[Before I do this, a few big disclaimers as inevitably people will read this with all different perspectives and points of view. What’s below does not necessarily apply broadly -- rather, it’s based on what I’ve observed. Many funds have different relationships with their LPs. Therefore, these are my observations, and only that -- my perspective on what I’ve noticed, and it’s likely to be at odds with what others may have seen.]
Today, everyone wants to invest directly./ This was the biggest theme of the day, and as I’ve been mentioning on Twitter, everyone and their parents want to invest directly into private companies. Crowdfunding, AngelList, Kickstarter, and so on. By now, we all now private companies can stay private longer, so as the opportunity set in the private sector grows, money on the sidelines is getting hungry. And, I mean HUNGRY. LPs increasingly want to not just follow-on into their GP investments, they want to co-invest at the time of the original check. // The inverse of “everyone wanting to invest directly” is that what people are saying is: “I don’t want to pay fees.” This can cause tension between LPs and GPs, and brings up all sorts of issues around which LPs are shown opportunities from which GPs, and so forth. There’s something broken in the VC fund model (fees or carry, or both) that’s aggravating LPs at a time when the real growth of new companies is captured by private investors.
LPs expect GPs to design their funds to be ahead of the curve. / It’s 2014. Venture has been through a few industry corrections and every smart person I talk to about this expect a few more. In a somewhat similar fashion as GPs scout the landscape for founders to back, so to do LPs scout for GPs to invest with (and alongside of). What does this mean in reality? It means larger funds (over $100M) might be expected to have budgeted fees instead of fees based on a percentage of total capital managed. Some larger firms have done this a while ago, and we should expect more will. LPs are looking for GPs to commit even more of their own capital to the fund. // On top of this, LPs seem to be digging into just “who” are GPs they’re partnering with, how they interact, how long they’ve known each other. One LP said that a common mistake in meetings was to notice GPs talking over each other. I chuckled at that one.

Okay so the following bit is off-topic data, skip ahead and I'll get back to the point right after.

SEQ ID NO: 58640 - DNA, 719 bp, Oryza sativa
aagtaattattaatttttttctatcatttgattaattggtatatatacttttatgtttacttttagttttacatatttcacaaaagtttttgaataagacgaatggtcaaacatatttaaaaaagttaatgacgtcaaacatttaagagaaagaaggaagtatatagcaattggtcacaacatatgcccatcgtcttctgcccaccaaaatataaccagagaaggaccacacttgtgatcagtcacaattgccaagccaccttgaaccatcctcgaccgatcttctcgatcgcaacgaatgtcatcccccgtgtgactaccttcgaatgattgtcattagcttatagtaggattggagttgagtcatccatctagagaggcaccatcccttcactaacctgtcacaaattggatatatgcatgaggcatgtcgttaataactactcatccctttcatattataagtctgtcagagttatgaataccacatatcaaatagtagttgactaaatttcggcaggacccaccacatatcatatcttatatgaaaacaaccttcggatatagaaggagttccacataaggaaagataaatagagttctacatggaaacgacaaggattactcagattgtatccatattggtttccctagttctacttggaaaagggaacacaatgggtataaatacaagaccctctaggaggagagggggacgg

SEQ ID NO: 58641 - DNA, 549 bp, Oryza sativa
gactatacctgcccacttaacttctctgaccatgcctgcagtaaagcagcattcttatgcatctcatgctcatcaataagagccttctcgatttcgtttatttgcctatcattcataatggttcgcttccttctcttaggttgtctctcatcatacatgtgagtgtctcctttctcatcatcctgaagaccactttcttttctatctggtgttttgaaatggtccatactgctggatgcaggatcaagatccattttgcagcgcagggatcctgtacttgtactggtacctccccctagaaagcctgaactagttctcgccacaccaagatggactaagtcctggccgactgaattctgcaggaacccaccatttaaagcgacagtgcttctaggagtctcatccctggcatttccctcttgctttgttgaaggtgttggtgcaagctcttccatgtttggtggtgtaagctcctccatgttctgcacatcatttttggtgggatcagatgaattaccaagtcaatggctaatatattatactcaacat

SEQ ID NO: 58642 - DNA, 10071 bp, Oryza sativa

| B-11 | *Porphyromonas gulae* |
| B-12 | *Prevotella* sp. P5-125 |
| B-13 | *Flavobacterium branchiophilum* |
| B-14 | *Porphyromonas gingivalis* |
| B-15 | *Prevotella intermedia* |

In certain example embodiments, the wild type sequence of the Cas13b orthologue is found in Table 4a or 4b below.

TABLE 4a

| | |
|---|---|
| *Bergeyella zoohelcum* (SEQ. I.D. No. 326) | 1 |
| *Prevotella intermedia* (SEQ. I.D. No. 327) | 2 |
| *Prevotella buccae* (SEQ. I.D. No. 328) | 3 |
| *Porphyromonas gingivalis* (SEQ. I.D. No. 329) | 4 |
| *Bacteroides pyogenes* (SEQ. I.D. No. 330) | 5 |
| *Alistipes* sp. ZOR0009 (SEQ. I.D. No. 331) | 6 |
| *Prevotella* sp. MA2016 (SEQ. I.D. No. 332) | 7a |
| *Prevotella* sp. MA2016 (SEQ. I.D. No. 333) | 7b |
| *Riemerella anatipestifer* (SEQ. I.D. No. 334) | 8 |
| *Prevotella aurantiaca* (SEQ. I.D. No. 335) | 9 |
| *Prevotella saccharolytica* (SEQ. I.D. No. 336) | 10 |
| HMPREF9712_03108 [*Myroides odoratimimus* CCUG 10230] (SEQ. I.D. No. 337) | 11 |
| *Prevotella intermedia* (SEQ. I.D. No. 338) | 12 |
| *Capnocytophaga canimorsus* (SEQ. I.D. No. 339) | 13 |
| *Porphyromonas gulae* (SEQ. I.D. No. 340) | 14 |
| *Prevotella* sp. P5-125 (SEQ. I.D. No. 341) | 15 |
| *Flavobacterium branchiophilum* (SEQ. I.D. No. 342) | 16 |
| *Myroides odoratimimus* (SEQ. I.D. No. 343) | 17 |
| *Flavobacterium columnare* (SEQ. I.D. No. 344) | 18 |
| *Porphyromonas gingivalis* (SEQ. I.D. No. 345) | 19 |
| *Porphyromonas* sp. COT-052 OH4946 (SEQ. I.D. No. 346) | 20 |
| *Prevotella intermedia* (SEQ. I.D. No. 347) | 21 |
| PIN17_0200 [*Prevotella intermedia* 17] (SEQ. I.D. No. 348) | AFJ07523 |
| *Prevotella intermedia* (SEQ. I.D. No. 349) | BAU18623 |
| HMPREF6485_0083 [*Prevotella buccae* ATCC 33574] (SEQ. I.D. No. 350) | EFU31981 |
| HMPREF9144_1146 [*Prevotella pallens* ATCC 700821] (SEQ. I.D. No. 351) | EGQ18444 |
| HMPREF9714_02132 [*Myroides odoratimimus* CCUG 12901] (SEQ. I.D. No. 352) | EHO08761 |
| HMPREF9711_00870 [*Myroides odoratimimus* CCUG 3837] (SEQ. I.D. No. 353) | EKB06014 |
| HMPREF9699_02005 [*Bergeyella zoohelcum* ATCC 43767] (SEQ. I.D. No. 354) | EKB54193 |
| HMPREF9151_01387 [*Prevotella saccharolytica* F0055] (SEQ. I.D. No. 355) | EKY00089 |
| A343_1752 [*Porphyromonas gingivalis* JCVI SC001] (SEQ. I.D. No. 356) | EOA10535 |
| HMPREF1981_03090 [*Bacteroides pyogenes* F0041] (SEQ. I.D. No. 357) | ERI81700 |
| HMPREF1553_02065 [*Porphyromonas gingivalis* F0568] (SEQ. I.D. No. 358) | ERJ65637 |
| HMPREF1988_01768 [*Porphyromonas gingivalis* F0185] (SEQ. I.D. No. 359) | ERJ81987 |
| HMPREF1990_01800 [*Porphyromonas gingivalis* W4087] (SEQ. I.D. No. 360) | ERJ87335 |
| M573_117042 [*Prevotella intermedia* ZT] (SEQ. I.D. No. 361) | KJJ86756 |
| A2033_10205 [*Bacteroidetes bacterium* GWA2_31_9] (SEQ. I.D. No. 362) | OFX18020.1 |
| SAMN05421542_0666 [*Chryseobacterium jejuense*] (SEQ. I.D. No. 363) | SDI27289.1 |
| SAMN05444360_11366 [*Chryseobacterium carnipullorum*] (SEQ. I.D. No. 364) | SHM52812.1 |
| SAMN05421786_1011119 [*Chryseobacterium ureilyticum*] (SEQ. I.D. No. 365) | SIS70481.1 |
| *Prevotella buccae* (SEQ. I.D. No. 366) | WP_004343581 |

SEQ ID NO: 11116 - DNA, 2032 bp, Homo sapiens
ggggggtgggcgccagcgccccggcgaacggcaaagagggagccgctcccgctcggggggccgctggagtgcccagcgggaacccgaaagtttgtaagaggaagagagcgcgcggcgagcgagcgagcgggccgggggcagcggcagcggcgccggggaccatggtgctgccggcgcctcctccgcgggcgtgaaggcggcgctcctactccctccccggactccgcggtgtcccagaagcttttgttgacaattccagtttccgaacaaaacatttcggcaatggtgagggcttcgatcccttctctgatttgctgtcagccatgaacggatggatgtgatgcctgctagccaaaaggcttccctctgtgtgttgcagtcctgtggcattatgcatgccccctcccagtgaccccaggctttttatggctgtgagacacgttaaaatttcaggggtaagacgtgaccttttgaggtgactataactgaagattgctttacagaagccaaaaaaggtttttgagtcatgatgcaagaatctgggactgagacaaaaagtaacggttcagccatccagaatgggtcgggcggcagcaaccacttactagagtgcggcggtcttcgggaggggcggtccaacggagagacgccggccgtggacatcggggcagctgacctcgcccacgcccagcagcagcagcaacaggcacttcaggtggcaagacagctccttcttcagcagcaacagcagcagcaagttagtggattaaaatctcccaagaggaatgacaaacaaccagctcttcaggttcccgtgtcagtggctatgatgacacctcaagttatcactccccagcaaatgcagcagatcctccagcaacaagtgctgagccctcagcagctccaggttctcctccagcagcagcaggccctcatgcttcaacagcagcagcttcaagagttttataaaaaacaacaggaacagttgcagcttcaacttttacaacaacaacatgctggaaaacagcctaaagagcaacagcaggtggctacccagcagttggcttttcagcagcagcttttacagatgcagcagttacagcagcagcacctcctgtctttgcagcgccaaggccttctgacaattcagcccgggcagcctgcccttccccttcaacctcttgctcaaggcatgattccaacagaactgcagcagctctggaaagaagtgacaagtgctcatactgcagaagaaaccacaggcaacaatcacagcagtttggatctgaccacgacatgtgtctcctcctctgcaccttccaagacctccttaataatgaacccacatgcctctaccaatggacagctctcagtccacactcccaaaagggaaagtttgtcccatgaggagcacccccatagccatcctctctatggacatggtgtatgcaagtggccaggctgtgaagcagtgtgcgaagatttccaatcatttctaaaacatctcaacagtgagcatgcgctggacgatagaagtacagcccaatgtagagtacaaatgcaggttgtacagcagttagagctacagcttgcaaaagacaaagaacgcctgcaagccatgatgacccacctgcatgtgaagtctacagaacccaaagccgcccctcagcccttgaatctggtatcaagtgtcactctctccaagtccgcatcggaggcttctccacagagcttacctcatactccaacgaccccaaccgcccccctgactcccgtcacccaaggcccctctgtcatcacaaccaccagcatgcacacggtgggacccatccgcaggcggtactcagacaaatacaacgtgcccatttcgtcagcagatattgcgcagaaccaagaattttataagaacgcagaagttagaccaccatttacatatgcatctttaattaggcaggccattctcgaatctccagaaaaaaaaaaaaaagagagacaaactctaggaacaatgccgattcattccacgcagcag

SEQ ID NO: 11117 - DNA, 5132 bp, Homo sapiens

***A few other observations***
A dollar travels far before it reaches a founder./ Overall, now a week or so after the event, I find myself still thinking about how far a dollar travels to reach a founder. This stuff is all over the Internet in detail if someone wants to dig into it, but I’ll offer up a basic example to illustrate: Consider back to when you were in high school, working over the summer to earn some money toward college tuition. Those tuition dollars (along with other university revenues, like donations) go into the school’s endowment, which in turn hires sophisticated investment professionals to manage the endowment and grow it. One of the ways an endowment management team can grow the pie is by allocating a portion of its assets into riskier categories, such as venture capital. From there, they allocate funds directly to VC firms whose names you’d recognize and/or into “Fund of Funds” (FoF) which in turn invest those dollars (for a fee and carry rights) to VC firms. The VCs take fees on the money they manage and then allocate that pool to founders — though “some” also invest in smaller funds, if you can believe it. // In the previous example, you can replace a university’s endowment with a range of institutions or organizations which manage big sums of dough — corporations, sovereign wealth funds, pension funds, hedge funds, governments, wealth families, and so forth. However the dollar reaches these funds, it then is allocated and depleted a bit with fees every time new hands touch it. In the event a single dollar isn’t returned, it’s OK because it’s usually a small portion of the overall cash the original lender manages; but, when a single dollar put into Facebook when it was worth $100M is returned, it’s the type of money multiplier rarely seen.
Given that context, here are few things I’d point out that happen in the world of venture that may not be totally obvious to folks who observe, especially the founders who are busy team-building, product-building, and growing the company: